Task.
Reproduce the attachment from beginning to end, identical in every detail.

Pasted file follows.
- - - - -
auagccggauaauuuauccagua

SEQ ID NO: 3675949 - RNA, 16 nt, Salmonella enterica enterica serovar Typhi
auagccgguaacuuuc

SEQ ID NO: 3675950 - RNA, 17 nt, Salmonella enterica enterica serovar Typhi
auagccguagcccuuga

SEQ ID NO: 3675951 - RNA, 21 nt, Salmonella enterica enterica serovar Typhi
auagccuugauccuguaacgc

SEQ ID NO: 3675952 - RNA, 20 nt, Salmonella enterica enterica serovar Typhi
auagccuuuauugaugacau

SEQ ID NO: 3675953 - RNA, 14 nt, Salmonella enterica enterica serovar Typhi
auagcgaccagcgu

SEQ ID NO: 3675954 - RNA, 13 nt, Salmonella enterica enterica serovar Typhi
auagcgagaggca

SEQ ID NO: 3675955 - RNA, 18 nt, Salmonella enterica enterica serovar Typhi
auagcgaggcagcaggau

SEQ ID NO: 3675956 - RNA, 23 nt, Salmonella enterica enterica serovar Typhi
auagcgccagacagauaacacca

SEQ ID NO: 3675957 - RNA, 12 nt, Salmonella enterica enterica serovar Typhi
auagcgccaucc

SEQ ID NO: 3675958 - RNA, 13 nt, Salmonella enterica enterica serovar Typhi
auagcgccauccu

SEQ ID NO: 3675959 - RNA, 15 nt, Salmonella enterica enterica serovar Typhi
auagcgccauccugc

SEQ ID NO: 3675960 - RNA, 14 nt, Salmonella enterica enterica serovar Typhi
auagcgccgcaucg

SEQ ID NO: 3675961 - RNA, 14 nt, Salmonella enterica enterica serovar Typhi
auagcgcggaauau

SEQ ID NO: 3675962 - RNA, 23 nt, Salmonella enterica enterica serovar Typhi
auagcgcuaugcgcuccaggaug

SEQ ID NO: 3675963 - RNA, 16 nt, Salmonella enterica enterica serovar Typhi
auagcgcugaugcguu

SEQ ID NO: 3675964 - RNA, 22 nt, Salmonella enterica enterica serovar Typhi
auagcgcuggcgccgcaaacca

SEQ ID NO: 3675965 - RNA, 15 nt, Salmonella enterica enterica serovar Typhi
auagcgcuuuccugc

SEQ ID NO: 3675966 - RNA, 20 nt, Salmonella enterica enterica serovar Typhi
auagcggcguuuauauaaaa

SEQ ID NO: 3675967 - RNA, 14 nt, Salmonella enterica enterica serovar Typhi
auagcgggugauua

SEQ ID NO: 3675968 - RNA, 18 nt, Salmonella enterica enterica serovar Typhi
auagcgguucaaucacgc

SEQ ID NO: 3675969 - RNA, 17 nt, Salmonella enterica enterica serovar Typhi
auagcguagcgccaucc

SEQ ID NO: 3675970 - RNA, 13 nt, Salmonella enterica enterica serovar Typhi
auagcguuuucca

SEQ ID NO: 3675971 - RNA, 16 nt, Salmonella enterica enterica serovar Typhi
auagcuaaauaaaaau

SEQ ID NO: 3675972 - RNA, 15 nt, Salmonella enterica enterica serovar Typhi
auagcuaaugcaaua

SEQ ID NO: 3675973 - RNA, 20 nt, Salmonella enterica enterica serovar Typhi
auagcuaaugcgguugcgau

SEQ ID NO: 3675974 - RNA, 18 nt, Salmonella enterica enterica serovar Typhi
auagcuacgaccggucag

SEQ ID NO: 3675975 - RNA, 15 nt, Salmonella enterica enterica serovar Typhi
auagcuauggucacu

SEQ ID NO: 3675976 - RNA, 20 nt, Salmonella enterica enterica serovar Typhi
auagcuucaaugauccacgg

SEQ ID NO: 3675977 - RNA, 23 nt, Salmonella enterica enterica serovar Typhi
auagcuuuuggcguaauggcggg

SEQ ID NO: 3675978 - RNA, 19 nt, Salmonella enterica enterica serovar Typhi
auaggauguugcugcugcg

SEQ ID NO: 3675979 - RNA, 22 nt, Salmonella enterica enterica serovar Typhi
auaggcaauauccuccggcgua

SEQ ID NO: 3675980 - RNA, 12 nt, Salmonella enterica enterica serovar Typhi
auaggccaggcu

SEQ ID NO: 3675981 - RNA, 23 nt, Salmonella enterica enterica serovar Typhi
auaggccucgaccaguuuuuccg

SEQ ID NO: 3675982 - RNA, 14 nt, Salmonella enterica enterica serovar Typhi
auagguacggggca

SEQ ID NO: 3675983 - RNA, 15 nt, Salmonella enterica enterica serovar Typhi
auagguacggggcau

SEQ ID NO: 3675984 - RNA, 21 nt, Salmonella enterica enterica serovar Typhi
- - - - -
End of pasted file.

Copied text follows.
auagccggauaauuuauccagua

SEQ ID NO: 3675949 - RNA, 16 nt, Salmonella enterica enterica serovar Typhi
auagccgguaacuuuc

SEQ ID NO: 3675950 - RNA, 17 nt, Salmonella enterica enterica serovar Typhi
auagccguagcccuuga

SEQ ID NO: 3675951 - RNA, 21 nt, Salmonella enterica enterica serovar Typhi
auagccuugauccuguaacgc

SEQ ID NO: 3675952 - RNA, 20 nt, Salmonella enterica enterica serovar Typhi
auagccuuuauugaugacau

SEQ ID NO: 3675953 - RNA, 14 nt, Salmonella enterica enterica serovar Typhi
auagcgaccagcgu

SEQ ID NO: 3675954 - RNA, 13 nt, Salmonella enterica enterica serovar Typhi
auagcgagaggca

SEQ ID NO: 3675955 - RNA, 18 nt, Salmonella enterica enterica serovar Typhi
auagcgaggcagcaggau

SEQ ID NO: 3675956 - RNA, 23 nt, Salmonella enterica enterica serovar Typhi
auagcgccagacagauaacacca

SEQ ID NO: 3675957 - RNA, 12 nt, Salmonella enterica enterica serovar Typhi
auagcgccaucc

SEQ ID NO: 3675958 - RNA, 13 nt, Salmonella enterica enterica serovar Typhi
auagcgccauccu

SEQ ID NO: 3675959 - RNA, 15 nt, Salmonella enterica enterica serovar Typhi
auagcgccauccugc

SEQ ID NO: 3675960 - RNA, 14 nt, Salmonella enterica enterica serovar Typhi
auagcgccgcaucg

SEQ ID NO: 3675961 - RNA, 14 nt, Salmonella enterica enterica serovar Typhi
auagcgcggaauau

SEQ ID NO: 3675962 - RNA, 23 nt, Salmonella enterica enterica serovar Typhi
auagcgcuaugcgcuccaggaug

SEQ ID NO: 3675963 - RNA, 16 nt, Salmonella enterica enterica serovar Typhi
auagcgcugaugcguu

SEQ ID NO: 3675964 - RNA, 22 nt, Salmonella enterica enterica serovar Typhi
auagcgcuggcgccgcaaacca

SEQ ID NO: 3675965 - RNA, 15 nt, Salmonella enterica enterica serovar Typhi
auagcgcuuuccugc

SEQ ID NO: 3675966 - RNA, 20 nt, Salmonella enterica enterica serovar Typhi
auagcggcguuuauauaaaa

SEQ ID NO: 3675967 - RNA, 14 nt, Salmonella enterica enterica serovar Typhi
auagcgggugauua

SEQ ID NO: 3675968 - RNA, 18 nt, Salmonella enterica enterica serovar Typhi
auagcgguucaaucacgc

SEQ ID NO: 3675969 - RNA, 17 nt, Salmonella enterica enterica serovar Typhi
auagcguagcgccaucc

SEQ ID NO: 3675970 - RNA, 13 nt, Salmonella enterica enterica serovar Typhi
auagcguuuucca

SEQ ID NO: 3675971 - RNA, 16 nt, Salmonella enterica enterica serovar Typhi
auagcuaaauaaaaau

SEQ ID NO: 3675972 - RNA, 15 nt, Salmonella enterica enterica serovar Typhi
auagcuaaugcaaua

SEQ ID NO: 3675973 - RNA, 20 nt, Salmonella enterica enterica serovar Typhi
auagcuaaugcgguugcgau

SEQ ID NO: 3675974 - RNA, 18 nt, Salmonella enterica enterica serovar Typhi
auagcuacgaccggucag

SEQ ID NO: 3675975 - RNA, 15 nt, Salmonella enterica enterica serovar Typhi
auagcuauggucacu

SEQ ID NO: 3675976 - RNA, 20 nt, Salmonella enterica enterica serovar Typhi
auagcuucaaugauccacgg

SEQ ID NO: 3675977 - RNA, 23 nt, Salmonella enterica enterica serovar Typhi
auagcuuuuggcguaauggcggg

SEQ ID NO: 3675978 - RNA, 19 nt, Salmonella enterica enterica serovar Typhi
auaggauguugcugcugcg

SEQ ID NO: 3675979 - RNA, 22 nt, Salmonella enterica enterica serovar Typhi
auaggcaauauccuccggcgua

SEQ ID NO: 3675980 - RNA, 12 nt, Salmonella enterica enterica serovar Typhi
auaggccaggcu

SEQ ID NO: 3675981 - RNA, 23 nt, Salmonella enterica enterica serovar Typhi
auaggccucgaccaguuuuuccg

SEQ ID NO: 3675982 - RNA, 14 nt, Salmonella enterica enterica serovar Typhi
auagguacggggca

SEQ ID NO: 3675983 - RNA, 15 nt, Salmonella enterica enterica serovar Typhi
auagguacggggcau

SEQ ID NO: 3675984 - RNA, 21 nt, Salmonella enterica enterica serovar Typhi